• Claimants’ reasonable expectation was that Grassland would be the transport provider and there was nothing on the facts to dispel Claimants’ expectation.

Accordingly, Clause 19 fell within the ambit of Section 3(2)(b)(i) of the UCTA.  For Clause 19 to be enforceable against the Claimants, Grassland had to prove that it was fair and reasonable to include Clause 19, having regard to the circumstances, which were or ought reasonably to have been, known to, or in the contemplation of the parties when the contract was made (Section 11 of the UCTA).

On the facts, the Court found that Grassland failed to prove that it was fair and reasonable for Clause 19 to be included in the contracts between Claimants and Grassland, as:

  • there was a “vast disparity” in the bargaining positions of the parties, where:
  • Grassland was dealing in the course of its business and experienced in commercial matters;
  • whilst Claimants were lay persons not in a position to negotiate the terms and conditions of the Booking Forms.

The Court noted that Grassland did not suggest that it was willing to amend or omit Clause 19 if requested by a customer. There was nothing to displace the finding that Claimants were in a weaker bargaining position.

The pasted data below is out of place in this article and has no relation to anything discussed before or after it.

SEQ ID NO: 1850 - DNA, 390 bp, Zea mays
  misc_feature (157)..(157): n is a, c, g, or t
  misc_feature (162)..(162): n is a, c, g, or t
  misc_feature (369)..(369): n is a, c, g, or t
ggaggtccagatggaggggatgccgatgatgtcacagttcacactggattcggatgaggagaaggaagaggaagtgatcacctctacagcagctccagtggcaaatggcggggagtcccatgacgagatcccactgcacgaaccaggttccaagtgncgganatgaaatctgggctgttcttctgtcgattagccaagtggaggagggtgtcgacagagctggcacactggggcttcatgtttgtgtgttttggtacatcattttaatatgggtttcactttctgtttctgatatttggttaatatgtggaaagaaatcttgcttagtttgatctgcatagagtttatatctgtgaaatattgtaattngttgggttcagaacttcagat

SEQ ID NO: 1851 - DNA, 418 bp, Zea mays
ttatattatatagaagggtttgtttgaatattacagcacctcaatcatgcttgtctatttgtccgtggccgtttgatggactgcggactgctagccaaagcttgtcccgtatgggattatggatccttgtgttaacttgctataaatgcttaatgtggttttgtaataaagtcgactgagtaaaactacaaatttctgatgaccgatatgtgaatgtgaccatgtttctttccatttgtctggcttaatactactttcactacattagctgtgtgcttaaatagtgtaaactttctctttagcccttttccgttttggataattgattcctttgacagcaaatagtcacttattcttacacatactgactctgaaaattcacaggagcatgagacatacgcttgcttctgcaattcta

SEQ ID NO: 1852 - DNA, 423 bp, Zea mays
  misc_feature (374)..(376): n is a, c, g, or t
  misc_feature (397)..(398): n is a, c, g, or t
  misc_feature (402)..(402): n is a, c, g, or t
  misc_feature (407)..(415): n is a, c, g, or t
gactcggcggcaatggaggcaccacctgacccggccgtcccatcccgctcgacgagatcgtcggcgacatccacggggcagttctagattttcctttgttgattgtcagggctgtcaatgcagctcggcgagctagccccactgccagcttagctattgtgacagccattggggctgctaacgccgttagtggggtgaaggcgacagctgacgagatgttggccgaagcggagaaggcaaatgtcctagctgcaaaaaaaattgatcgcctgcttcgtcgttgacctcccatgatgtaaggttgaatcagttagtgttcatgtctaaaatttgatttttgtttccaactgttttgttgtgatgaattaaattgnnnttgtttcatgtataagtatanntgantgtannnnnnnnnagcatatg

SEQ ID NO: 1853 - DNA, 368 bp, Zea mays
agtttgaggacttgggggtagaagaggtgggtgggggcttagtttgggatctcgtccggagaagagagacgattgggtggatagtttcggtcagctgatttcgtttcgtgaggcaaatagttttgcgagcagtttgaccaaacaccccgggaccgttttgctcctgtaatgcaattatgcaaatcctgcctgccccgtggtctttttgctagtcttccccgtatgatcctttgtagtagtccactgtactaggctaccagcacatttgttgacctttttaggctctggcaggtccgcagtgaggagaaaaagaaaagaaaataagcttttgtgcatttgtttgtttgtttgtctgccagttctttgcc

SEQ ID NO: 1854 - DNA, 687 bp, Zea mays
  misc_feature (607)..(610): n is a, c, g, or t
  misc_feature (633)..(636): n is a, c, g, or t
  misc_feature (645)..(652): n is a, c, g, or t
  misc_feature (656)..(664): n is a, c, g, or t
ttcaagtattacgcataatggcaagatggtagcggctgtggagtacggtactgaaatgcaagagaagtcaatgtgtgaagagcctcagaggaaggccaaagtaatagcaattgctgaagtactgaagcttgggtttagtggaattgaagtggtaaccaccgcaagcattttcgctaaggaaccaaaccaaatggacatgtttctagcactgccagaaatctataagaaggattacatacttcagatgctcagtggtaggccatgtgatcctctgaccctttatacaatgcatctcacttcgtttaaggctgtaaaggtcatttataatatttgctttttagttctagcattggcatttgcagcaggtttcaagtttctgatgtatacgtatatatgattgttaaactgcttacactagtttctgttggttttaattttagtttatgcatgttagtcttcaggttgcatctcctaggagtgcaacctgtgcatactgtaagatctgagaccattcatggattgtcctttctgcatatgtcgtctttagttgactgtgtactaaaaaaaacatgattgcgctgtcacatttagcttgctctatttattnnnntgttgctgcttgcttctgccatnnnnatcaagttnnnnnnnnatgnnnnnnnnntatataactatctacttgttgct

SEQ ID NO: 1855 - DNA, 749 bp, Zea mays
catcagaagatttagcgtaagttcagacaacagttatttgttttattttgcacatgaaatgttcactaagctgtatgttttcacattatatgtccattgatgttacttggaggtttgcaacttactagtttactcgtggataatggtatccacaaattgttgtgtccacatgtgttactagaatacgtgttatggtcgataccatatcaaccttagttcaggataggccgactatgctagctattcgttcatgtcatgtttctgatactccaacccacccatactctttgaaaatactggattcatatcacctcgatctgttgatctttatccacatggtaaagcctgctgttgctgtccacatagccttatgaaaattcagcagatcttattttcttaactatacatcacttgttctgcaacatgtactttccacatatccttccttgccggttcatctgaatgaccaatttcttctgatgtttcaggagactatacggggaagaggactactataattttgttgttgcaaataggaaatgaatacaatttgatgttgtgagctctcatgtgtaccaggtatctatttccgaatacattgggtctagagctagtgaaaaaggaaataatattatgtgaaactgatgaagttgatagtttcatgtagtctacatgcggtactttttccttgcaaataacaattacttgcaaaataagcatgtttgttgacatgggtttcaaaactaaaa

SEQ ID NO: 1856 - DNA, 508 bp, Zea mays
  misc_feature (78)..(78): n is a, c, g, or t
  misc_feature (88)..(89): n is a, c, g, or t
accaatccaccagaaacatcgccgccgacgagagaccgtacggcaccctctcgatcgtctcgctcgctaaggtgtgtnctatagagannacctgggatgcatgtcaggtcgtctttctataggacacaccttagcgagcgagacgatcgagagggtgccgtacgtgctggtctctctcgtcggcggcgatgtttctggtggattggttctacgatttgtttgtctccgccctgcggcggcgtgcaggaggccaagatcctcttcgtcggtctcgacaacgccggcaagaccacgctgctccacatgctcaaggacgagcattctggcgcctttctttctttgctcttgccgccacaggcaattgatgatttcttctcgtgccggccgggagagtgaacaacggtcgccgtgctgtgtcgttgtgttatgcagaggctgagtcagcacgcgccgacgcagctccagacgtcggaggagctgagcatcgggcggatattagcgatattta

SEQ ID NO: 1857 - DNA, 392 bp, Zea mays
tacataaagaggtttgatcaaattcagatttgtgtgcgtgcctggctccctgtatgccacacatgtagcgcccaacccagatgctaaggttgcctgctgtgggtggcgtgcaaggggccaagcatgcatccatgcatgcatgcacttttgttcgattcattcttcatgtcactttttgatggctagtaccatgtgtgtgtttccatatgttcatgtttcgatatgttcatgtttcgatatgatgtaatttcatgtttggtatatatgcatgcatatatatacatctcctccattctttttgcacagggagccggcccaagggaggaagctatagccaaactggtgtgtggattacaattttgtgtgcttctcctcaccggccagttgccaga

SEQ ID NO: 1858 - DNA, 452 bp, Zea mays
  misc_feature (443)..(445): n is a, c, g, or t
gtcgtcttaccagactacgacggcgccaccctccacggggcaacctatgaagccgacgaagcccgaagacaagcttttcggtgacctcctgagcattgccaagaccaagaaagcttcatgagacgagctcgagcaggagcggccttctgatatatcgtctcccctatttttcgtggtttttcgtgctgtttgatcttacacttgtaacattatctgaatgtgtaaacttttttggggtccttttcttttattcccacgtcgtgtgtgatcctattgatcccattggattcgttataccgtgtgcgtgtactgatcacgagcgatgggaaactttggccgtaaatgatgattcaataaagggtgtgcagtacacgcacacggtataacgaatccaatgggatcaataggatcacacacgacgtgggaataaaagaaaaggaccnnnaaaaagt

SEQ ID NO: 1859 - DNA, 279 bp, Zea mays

• while the Court took the view that Claimants ought to have known of the existence of Clause 19, the Court was not convinced that the Claimants ought to have appreciated the full extent of Clause 19 (i.e., it was intended to limit Grassland’s role to a mere agent or intermediary of the Claimants). Even if a party knew of the existence of the term, he may not know, and could have reasonably lacked knowledge of, its content: Overseas Medical Supplies Ltd v Orient Transport Services Ltd [1999].  In particular, the Court was not convinced that Claimants’ signatures on the Booking Form ought to represent Claimants’ consent in fact to Clause 19 qualifying the nature of Grassland’s contractual undertaking;